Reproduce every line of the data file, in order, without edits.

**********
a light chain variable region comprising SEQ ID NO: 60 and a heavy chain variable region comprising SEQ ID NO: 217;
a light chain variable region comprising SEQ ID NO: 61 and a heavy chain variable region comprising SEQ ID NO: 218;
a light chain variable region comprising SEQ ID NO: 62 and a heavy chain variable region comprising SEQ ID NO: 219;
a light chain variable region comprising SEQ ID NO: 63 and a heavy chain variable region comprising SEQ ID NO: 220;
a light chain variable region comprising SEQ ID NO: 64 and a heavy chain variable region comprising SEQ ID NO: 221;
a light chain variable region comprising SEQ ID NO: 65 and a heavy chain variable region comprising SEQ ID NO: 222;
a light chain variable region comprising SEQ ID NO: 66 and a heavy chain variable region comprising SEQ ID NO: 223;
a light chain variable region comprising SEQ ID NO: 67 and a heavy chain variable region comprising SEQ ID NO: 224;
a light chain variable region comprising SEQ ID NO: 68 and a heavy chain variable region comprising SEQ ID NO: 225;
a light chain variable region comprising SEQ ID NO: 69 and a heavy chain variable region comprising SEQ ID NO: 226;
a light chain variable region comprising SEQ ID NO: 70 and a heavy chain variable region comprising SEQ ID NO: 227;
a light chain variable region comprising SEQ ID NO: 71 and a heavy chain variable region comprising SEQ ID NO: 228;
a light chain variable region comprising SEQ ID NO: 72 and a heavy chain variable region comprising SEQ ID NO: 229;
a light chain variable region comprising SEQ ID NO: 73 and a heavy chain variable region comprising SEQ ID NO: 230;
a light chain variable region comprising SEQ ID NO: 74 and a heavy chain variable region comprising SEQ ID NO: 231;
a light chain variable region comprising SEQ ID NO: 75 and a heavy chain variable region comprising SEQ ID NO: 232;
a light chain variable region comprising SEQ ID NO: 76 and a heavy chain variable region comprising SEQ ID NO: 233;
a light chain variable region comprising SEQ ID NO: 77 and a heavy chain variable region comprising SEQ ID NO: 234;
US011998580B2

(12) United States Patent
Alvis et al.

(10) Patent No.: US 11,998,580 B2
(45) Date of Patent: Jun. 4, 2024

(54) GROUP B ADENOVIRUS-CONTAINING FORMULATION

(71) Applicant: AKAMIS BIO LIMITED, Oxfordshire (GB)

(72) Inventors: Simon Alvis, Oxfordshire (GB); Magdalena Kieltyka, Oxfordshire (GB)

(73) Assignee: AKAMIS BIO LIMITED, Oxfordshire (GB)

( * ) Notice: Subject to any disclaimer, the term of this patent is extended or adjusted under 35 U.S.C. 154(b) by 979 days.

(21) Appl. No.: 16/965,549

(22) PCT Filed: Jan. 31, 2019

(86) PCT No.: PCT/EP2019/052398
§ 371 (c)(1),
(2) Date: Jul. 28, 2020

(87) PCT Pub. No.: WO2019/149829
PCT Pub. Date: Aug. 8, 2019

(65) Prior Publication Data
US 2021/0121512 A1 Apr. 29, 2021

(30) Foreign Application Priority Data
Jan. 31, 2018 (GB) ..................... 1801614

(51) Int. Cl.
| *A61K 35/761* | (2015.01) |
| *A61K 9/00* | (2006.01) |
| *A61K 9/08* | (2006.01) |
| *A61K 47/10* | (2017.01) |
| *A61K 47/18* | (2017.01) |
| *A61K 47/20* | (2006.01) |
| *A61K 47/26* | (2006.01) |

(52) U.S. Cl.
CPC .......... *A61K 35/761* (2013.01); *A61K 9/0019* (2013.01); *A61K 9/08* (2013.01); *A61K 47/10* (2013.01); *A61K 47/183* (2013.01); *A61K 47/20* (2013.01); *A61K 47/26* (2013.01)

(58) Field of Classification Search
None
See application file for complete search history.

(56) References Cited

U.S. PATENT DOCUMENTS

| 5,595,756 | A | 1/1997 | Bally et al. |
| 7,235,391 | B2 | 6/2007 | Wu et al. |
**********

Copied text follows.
a light chain variable region comprising SEQ ID NO: 60 and a heavy chain variable region comprising SEQ ID NO: 217;
a light chain variable region comprising SEQ ID NO: 61 and a heavy chain variable region comprising SEQ ID NO: 218;
a light chain variable region comprising SEQ ID NO: 62 and a heavy chain variable region comprising SEQ ID NO: 219;
a light chain variable region comprising SEQ ID NO: 63 and a heavy chain variable region comprising SEQ ID NO: 220;
a light chain variable region comprising SEQ ID NO: 64 and a heavy chain variable region comprising SEQ ID NO: 221;
a light chain variable region comprising SEQ ID NO: 65 and a heavy chain variable region comprising SEQ ID NO: 222;
a light chain variable region comprising SEQ ID NO: 66 and a heavy chain variable region comprising SEQ ID NO: 223;
a light chain variable region comprising SEQ ID NO: 67 and a heavy chain variable region comprising SEQ ID NO: 224;
a light chain variable region comprising SEQ ID NO: 68 and a heavy chain variable region comprising SEQ ID NO: 225;
a light chain variable region comprising SEQ ID NO: 69 and a heavy chain variable region comprising SEQ ID NO: 226;
a light chain variable region comprising SEQ ID NO: 70 and a heavy chain variable region comprising SEQ ID NO: 227;
a light chain variable region comprising SEQ ID NO: 71 and a heavy chain variable region comprising SEQ ID NO: 228;
a light chain variable region comprising SEQ ID NO: 72 and a heavy chain variable region comprising SEQ ID NO: 229;
a light chain variable region comprising SEQ ID NO: 73 and a heavy chain variable region comprising SEQ ID NO: 230;
a light chain variable region comprising SEQ ID NO: 74 and a heavy chain variable region comprising SEQ ID NO: 231;
a light chain variable region comprising SEQ ID NO: 75 and a heavy chain variable region comprising SEQ ID NO: 232;
a light chain variable region comprising SEQ ID NO: 76 and a heavy chain variable region comprising SEQ ID NO: 233;
a light chain variable region comprising SEQ ID NO: 77 and a heavy chain variable region comprising SEQ ID NO: 234;
US011998580B2

(12) United States Patent
Alvis et al.

(10) Patent No.: US 11,998,580 B2
(45) Date of Patent: Jun. 4, 2024

(54) GROUP B ADENOVIRUS-CONTAINING FORMULATION

(71) Applicant: AKAMIS BIO LIMITED, Oxfordshire (GB)

(72) Inventors: Simon Alvis, Oxfordshire (GB); Magdalena Kieltyka, Oxfordshire (GB)

(73) Assignee: AKAMIS BIO LIMITED, Oxfordshire (GB)

( * ) Notice: Subject to any disclaimer, the term of this patent is extended or adjusted under 35 U.S.C. 154(b) by 979 days.

(21) Appl. No.: 16/965,549

(22) PCT Filed: Jan. 31, 2019

(86) PCT No.: PCT/EP2019/052398
§ 371 (c)(1),
(2) Date: Jul. 28, 2020

(87) PCT Pub. No.: WO2019/149829
PCT Pub. Date: Aug. 8, 2019

(65) Prior Publication Data
US 2021/0121512 A1 Apr. 29, 2021

(30) Foreign Application Priority Data
Jan. 31, 2018 (GB) ..................... 1801614

(51) Int. Cl.
| *A61K 35/761* | (2015.01) |
| *A61K 9/00* | (2006.01) |
| *A61K 9/08* | (2006.01) |
| *A61K 47/10* | (2017.01) |
| *A61K 47/18* | (2017.01) |
| *A61K 47/20* | (2006.01) |
| *A61K 47/26* | (2006.01) |

(52) U.S. Cl.
CPC .......... *A61K 35/761* (2013.01); *A61K 9/0019* (2013.01); *A61K 9/08* (2013.01); *A61K 47/10* (2013.01); *A61K 47/183* (2013.01); *A61K 47/20* (2013.01); *A61K 47/26* (2013.01)

(58) Field of Classification Search
None
See application file for complete search history.

(56) References Cited

U.S. PATENT DOCUMENTS

| 5,595,756 | A | 1/1997 | Bally et al. |
| 7,235,391 | B2 | 6/2007 | Wu et al. |